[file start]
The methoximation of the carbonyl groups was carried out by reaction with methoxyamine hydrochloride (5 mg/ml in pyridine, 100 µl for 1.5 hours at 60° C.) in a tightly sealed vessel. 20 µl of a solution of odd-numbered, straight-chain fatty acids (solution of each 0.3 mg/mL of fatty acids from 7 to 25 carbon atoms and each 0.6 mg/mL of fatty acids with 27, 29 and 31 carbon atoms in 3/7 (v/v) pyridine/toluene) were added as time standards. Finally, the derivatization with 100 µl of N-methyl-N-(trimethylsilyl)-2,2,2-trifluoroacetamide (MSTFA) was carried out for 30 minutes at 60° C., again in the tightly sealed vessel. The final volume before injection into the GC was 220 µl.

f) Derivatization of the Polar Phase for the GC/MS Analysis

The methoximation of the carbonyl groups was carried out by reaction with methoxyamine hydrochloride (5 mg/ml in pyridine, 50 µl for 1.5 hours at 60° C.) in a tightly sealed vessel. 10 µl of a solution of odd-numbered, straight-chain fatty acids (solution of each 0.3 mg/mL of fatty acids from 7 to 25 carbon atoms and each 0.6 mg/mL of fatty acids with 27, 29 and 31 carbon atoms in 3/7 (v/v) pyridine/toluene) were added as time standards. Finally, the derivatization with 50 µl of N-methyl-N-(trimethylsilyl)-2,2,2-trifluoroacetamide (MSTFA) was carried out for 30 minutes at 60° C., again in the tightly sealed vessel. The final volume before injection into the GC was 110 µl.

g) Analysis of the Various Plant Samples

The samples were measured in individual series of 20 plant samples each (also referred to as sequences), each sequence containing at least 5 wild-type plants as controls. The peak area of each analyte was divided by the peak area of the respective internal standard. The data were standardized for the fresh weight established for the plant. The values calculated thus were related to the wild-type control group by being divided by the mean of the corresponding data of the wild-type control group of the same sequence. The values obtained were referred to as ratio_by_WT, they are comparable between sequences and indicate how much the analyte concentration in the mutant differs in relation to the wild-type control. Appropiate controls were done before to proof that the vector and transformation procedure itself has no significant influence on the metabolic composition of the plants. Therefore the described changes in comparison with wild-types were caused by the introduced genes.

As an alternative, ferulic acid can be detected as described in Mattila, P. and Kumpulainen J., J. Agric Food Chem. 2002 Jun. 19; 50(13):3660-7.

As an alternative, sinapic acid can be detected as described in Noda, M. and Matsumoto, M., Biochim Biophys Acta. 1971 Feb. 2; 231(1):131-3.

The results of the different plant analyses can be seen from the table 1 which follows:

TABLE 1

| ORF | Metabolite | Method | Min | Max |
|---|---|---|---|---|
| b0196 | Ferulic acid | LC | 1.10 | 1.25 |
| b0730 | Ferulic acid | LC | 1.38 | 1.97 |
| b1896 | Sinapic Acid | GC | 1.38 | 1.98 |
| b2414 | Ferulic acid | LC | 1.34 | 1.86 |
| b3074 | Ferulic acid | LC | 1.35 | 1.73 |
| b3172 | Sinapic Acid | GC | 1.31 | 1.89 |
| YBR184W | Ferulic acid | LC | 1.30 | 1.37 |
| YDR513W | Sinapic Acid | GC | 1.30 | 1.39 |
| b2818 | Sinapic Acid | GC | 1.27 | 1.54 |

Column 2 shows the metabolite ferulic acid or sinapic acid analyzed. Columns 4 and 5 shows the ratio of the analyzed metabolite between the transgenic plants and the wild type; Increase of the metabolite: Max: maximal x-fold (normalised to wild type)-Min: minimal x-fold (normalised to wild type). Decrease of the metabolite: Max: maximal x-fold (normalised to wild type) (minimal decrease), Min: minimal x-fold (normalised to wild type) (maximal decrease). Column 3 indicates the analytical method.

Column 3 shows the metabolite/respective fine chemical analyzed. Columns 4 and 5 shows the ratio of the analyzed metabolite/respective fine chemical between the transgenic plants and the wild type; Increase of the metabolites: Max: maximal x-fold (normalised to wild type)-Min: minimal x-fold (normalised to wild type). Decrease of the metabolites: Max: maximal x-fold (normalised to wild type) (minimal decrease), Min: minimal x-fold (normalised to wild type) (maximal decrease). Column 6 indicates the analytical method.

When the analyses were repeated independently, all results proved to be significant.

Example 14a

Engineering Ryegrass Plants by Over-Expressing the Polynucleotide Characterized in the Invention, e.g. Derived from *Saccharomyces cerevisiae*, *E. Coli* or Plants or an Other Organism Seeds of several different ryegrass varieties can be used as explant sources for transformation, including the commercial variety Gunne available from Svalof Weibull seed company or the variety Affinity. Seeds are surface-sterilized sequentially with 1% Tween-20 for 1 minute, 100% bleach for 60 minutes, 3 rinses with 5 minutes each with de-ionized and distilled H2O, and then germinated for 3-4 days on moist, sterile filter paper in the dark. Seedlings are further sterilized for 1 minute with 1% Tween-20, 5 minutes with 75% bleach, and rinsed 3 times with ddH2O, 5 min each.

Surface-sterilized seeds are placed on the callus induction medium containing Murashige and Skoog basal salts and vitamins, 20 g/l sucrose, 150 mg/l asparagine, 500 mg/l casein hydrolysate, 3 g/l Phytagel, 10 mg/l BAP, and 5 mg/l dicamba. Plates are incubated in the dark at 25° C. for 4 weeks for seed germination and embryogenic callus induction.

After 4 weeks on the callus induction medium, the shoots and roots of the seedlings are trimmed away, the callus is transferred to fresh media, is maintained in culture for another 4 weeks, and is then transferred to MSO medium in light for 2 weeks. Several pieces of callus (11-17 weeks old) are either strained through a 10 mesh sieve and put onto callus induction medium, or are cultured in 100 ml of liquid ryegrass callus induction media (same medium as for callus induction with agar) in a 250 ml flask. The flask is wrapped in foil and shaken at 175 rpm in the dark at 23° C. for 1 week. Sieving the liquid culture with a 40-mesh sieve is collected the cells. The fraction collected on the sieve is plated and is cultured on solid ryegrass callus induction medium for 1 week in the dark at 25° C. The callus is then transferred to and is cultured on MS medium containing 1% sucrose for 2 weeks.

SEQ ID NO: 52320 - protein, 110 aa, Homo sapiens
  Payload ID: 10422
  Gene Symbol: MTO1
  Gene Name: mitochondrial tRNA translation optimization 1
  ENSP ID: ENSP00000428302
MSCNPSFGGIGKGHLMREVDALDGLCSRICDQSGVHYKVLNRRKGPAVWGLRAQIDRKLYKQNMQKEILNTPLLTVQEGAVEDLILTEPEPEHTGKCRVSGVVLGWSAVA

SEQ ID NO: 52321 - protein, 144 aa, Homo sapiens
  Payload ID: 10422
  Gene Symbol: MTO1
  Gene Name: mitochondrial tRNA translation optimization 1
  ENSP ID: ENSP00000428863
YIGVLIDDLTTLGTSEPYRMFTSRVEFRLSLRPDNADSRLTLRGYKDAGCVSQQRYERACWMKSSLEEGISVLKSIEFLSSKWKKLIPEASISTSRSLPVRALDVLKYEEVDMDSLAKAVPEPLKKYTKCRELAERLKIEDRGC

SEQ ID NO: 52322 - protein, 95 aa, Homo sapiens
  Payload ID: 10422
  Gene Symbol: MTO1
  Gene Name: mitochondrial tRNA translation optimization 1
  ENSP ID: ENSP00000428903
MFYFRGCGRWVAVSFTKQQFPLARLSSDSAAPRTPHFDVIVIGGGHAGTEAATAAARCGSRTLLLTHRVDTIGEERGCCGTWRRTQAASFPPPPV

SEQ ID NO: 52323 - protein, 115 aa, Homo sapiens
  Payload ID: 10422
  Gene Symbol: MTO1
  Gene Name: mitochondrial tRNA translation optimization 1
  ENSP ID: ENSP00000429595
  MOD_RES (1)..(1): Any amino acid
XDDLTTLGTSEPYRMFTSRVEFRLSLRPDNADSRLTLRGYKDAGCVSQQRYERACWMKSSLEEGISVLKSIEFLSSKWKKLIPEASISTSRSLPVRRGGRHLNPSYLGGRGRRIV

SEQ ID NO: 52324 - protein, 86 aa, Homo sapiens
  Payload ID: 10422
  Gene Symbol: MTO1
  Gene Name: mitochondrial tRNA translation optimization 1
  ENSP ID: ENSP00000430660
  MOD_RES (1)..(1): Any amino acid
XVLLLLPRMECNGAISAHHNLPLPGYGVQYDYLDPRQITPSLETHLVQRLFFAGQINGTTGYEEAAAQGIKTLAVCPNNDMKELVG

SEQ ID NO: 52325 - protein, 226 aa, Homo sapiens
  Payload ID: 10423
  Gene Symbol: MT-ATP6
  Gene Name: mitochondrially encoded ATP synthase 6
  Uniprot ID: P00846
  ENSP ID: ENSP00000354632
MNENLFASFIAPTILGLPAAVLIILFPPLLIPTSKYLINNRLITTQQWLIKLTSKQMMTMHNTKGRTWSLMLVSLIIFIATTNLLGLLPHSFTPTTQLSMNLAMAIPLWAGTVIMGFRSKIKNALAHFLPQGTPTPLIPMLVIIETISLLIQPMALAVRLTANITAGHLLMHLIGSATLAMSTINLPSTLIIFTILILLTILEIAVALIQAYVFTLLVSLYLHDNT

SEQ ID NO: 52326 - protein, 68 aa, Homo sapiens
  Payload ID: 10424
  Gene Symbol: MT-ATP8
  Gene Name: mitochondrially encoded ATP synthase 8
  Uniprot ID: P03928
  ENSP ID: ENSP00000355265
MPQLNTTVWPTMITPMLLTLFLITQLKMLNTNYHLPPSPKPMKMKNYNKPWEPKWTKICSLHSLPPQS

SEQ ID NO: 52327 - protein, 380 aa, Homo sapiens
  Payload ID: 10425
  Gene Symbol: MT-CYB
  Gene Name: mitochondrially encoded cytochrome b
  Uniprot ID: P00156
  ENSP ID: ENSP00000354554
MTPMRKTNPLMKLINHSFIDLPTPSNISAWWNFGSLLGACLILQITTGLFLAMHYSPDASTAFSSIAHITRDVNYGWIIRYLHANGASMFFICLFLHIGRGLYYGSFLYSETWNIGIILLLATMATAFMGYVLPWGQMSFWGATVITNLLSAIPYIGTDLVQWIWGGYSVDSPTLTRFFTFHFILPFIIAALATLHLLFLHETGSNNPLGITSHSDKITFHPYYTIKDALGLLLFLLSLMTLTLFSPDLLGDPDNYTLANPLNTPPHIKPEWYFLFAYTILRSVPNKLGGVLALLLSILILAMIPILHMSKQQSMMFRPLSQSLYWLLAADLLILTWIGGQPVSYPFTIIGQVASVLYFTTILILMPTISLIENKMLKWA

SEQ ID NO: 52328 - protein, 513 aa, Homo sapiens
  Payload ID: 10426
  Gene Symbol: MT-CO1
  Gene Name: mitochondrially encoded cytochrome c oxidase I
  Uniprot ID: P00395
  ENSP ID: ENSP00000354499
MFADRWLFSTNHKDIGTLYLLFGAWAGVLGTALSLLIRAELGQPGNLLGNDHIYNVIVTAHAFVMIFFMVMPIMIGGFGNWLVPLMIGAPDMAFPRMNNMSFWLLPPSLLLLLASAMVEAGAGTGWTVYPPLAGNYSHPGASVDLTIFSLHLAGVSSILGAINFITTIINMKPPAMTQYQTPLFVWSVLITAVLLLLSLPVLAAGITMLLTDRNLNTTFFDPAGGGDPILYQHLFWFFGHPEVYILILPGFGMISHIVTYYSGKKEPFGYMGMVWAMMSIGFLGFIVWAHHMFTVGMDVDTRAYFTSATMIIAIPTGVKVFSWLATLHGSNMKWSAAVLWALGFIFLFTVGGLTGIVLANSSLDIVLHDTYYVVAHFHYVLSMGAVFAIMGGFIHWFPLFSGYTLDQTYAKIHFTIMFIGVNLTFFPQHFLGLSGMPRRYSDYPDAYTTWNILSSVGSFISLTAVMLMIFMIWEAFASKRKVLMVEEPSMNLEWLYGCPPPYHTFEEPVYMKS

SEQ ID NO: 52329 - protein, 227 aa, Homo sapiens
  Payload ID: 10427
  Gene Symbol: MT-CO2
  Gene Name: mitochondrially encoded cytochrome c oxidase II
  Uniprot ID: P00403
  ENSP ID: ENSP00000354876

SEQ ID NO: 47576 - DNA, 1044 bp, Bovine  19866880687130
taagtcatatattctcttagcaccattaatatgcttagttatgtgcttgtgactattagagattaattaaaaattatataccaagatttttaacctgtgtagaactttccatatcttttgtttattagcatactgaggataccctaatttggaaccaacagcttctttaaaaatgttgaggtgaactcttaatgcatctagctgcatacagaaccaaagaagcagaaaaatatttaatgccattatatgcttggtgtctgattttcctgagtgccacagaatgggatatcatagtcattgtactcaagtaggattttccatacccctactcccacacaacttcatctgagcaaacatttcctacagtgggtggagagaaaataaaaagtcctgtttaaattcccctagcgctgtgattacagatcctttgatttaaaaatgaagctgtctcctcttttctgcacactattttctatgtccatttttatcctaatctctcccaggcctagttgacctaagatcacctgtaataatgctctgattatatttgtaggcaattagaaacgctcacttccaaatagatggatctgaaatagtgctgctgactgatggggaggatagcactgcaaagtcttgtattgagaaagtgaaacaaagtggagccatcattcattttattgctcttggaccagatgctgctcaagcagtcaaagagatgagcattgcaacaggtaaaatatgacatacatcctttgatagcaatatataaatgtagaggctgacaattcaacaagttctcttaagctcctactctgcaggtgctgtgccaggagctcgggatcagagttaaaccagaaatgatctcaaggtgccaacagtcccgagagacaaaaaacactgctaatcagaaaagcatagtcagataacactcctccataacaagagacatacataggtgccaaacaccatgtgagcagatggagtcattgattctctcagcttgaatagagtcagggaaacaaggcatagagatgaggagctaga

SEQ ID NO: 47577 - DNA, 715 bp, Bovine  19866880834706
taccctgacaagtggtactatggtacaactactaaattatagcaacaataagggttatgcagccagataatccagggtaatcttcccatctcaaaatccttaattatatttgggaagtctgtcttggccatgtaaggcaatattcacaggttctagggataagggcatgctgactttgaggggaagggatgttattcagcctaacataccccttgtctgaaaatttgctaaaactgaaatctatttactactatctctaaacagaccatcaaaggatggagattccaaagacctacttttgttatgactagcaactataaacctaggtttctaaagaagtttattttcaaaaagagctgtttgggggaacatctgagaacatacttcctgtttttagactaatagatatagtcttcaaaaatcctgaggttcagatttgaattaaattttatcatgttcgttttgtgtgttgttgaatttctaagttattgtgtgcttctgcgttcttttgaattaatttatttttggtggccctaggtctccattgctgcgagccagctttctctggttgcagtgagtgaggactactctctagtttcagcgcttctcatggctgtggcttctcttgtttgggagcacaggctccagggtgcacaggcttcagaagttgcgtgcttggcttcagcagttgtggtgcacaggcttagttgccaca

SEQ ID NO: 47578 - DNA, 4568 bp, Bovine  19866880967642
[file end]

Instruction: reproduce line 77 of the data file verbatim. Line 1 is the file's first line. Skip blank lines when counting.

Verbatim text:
  Gene Name: mitochondrially encoded cytochrome b